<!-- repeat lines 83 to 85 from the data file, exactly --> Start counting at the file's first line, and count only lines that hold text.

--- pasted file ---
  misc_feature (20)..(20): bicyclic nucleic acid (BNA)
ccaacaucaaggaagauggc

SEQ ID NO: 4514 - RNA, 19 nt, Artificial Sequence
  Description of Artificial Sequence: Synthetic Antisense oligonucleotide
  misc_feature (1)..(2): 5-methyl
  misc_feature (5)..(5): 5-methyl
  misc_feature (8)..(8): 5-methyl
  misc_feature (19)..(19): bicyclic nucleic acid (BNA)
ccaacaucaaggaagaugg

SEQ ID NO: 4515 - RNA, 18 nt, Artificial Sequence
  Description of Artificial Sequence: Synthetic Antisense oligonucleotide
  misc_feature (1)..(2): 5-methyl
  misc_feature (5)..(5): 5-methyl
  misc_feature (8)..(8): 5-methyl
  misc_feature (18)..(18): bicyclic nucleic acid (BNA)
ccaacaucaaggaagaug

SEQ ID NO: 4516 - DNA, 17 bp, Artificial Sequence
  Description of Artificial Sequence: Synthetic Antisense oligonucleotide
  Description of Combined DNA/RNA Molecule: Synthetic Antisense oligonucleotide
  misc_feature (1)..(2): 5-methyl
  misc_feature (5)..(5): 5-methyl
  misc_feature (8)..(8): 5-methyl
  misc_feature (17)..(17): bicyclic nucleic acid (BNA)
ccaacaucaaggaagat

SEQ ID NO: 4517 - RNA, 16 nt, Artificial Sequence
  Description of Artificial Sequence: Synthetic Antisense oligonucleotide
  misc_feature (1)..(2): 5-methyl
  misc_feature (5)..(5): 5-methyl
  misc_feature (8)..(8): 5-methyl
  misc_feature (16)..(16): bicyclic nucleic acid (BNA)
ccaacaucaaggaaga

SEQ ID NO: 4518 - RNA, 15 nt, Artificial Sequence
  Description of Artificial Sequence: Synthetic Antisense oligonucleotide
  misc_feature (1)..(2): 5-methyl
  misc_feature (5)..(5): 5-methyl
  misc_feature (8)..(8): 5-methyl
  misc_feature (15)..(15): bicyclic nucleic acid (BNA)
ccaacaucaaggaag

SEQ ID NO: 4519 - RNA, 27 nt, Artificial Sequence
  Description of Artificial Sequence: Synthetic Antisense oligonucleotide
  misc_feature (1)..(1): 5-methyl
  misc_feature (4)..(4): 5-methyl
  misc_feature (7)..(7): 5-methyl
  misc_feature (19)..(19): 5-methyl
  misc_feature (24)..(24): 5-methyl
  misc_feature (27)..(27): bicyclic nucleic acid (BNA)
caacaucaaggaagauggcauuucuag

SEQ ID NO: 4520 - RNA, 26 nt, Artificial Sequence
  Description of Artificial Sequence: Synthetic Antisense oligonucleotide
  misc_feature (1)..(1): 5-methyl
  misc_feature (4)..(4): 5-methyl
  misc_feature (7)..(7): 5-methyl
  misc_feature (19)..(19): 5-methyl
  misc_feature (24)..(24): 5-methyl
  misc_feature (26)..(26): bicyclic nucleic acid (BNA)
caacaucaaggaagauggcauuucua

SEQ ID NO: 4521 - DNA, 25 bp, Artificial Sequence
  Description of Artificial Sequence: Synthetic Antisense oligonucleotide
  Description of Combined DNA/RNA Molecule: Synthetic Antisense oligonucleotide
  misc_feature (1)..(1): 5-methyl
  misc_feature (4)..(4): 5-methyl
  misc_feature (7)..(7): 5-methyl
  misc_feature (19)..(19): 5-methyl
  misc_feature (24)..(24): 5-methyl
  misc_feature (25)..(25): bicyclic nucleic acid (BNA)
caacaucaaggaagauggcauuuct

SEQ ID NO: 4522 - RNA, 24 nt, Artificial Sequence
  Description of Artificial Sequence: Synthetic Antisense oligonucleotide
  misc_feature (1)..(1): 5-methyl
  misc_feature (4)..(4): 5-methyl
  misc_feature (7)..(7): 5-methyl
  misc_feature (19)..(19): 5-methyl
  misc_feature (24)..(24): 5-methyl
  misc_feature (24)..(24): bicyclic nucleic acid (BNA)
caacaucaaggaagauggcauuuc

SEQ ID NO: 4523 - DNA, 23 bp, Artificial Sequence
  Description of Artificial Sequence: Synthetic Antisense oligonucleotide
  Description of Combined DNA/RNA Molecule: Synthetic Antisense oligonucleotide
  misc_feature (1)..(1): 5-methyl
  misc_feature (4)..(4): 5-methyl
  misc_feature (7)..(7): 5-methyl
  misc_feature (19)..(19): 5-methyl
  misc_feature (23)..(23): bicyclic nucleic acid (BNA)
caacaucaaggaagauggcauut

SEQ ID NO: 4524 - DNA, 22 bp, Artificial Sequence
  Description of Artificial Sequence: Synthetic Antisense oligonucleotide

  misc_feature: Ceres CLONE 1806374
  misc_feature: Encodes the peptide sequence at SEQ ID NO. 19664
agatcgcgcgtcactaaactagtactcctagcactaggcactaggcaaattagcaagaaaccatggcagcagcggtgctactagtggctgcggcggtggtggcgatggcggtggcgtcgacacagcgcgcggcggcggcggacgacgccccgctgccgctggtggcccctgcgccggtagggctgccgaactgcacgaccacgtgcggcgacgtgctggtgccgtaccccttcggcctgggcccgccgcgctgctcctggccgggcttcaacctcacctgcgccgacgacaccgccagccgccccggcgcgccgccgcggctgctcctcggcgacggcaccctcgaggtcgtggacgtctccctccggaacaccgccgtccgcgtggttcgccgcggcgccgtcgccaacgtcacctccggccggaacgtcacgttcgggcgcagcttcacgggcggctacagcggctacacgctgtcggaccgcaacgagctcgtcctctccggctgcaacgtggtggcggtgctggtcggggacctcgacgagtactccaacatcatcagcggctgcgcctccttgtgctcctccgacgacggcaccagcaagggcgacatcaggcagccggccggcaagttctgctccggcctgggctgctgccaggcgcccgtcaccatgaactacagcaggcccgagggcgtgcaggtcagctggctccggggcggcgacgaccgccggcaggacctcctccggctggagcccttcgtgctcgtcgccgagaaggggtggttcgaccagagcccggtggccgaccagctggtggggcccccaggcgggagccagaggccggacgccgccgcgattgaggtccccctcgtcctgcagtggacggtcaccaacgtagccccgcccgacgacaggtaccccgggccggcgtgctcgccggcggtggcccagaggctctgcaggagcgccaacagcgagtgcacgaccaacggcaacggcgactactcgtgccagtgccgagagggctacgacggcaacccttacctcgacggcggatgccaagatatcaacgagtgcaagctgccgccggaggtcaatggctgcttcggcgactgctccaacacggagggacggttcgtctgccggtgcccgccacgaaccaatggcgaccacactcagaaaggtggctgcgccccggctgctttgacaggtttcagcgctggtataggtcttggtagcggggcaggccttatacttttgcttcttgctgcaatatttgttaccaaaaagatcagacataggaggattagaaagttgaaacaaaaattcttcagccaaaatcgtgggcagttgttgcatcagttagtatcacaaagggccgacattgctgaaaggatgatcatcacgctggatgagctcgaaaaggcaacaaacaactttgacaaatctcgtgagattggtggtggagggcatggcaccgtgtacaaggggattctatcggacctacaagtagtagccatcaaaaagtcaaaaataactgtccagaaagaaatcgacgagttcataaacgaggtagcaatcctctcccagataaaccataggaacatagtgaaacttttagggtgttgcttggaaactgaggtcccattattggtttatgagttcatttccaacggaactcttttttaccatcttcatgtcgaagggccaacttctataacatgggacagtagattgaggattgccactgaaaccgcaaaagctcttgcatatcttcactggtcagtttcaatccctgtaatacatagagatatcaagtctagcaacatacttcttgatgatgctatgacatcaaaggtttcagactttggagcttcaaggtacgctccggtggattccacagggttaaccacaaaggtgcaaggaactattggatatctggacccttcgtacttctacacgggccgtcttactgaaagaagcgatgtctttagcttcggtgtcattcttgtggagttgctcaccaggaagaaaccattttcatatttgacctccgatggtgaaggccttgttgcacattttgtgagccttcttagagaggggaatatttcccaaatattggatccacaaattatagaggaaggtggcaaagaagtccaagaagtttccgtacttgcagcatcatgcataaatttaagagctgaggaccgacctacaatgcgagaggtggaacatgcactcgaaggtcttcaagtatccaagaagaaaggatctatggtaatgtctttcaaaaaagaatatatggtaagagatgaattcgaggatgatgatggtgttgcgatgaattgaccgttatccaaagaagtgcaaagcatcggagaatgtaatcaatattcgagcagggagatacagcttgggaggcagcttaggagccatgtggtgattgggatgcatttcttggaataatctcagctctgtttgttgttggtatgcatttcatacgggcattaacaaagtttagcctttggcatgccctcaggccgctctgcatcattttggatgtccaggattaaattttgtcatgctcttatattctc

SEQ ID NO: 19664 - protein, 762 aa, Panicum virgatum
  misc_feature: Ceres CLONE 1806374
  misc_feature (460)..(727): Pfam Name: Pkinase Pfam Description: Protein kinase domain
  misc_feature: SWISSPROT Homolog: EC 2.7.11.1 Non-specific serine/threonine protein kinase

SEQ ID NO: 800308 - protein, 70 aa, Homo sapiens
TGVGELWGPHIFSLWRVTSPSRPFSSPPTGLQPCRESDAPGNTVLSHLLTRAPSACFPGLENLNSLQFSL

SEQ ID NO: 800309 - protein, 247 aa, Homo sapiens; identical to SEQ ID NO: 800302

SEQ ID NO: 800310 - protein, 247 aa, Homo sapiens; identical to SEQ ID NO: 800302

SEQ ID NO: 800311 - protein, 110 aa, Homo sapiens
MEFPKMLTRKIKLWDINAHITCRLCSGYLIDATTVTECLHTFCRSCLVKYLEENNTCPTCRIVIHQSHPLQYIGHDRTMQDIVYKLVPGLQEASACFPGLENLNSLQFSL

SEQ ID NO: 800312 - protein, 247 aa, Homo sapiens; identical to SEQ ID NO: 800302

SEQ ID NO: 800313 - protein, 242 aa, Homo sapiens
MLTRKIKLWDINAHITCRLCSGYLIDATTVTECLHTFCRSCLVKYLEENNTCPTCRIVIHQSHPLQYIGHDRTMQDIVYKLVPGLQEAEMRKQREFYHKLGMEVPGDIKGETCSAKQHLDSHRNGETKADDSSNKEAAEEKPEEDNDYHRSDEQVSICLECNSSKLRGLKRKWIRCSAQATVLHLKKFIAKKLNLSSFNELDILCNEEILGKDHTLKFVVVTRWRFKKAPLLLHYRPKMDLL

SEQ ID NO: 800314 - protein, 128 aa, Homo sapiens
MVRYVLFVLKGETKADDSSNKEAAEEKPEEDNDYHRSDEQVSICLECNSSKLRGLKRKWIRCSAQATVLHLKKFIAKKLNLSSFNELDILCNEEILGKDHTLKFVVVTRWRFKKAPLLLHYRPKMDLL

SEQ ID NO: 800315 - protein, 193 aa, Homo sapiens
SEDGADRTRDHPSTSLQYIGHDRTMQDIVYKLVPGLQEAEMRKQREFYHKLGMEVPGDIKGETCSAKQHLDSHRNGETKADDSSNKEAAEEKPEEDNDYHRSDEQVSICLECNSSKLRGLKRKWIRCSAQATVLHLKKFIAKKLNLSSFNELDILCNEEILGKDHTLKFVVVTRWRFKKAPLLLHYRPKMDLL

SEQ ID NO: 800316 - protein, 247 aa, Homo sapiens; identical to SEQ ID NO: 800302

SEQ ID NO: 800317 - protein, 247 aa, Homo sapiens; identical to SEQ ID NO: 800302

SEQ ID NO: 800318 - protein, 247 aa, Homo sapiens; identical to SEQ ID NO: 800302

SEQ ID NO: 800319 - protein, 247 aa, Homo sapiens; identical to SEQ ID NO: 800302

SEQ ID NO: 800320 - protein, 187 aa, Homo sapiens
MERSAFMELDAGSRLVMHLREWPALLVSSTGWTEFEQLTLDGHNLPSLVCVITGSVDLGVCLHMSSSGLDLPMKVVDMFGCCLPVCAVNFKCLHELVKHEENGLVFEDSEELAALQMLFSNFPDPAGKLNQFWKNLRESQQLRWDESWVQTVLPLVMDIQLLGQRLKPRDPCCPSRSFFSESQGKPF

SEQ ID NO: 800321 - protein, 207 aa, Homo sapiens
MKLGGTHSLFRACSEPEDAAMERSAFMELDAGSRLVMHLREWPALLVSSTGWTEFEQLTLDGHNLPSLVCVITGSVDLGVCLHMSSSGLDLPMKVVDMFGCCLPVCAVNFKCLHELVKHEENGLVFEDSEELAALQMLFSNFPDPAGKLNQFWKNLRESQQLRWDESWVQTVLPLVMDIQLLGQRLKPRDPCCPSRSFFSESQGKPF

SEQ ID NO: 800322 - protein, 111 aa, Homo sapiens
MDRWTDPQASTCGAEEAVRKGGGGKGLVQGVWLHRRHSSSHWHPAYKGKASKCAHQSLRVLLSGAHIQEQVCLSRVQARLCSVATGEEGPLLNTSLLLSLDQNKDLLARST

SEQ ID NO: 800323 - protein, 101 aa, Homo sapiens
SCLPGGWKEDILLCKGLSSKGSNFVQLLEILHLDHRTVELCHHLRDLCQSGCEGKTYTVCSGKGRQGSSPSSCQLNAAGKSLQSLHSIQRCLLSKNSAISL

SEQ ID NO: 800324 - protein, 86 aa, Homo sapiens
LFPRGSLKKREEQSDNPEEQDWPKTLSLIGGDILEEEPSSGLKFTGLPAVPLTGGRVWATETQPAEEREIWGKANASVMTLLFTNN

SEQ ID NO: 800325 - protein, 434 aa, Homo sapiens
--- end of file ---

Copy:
  misc_feature (23)..(23): bicyclic nucleic acid (BNA)
caacaucaaggaagauggcauut

SEQ ID NO: 4524 - DNA, 22 bp, Artificial Sequence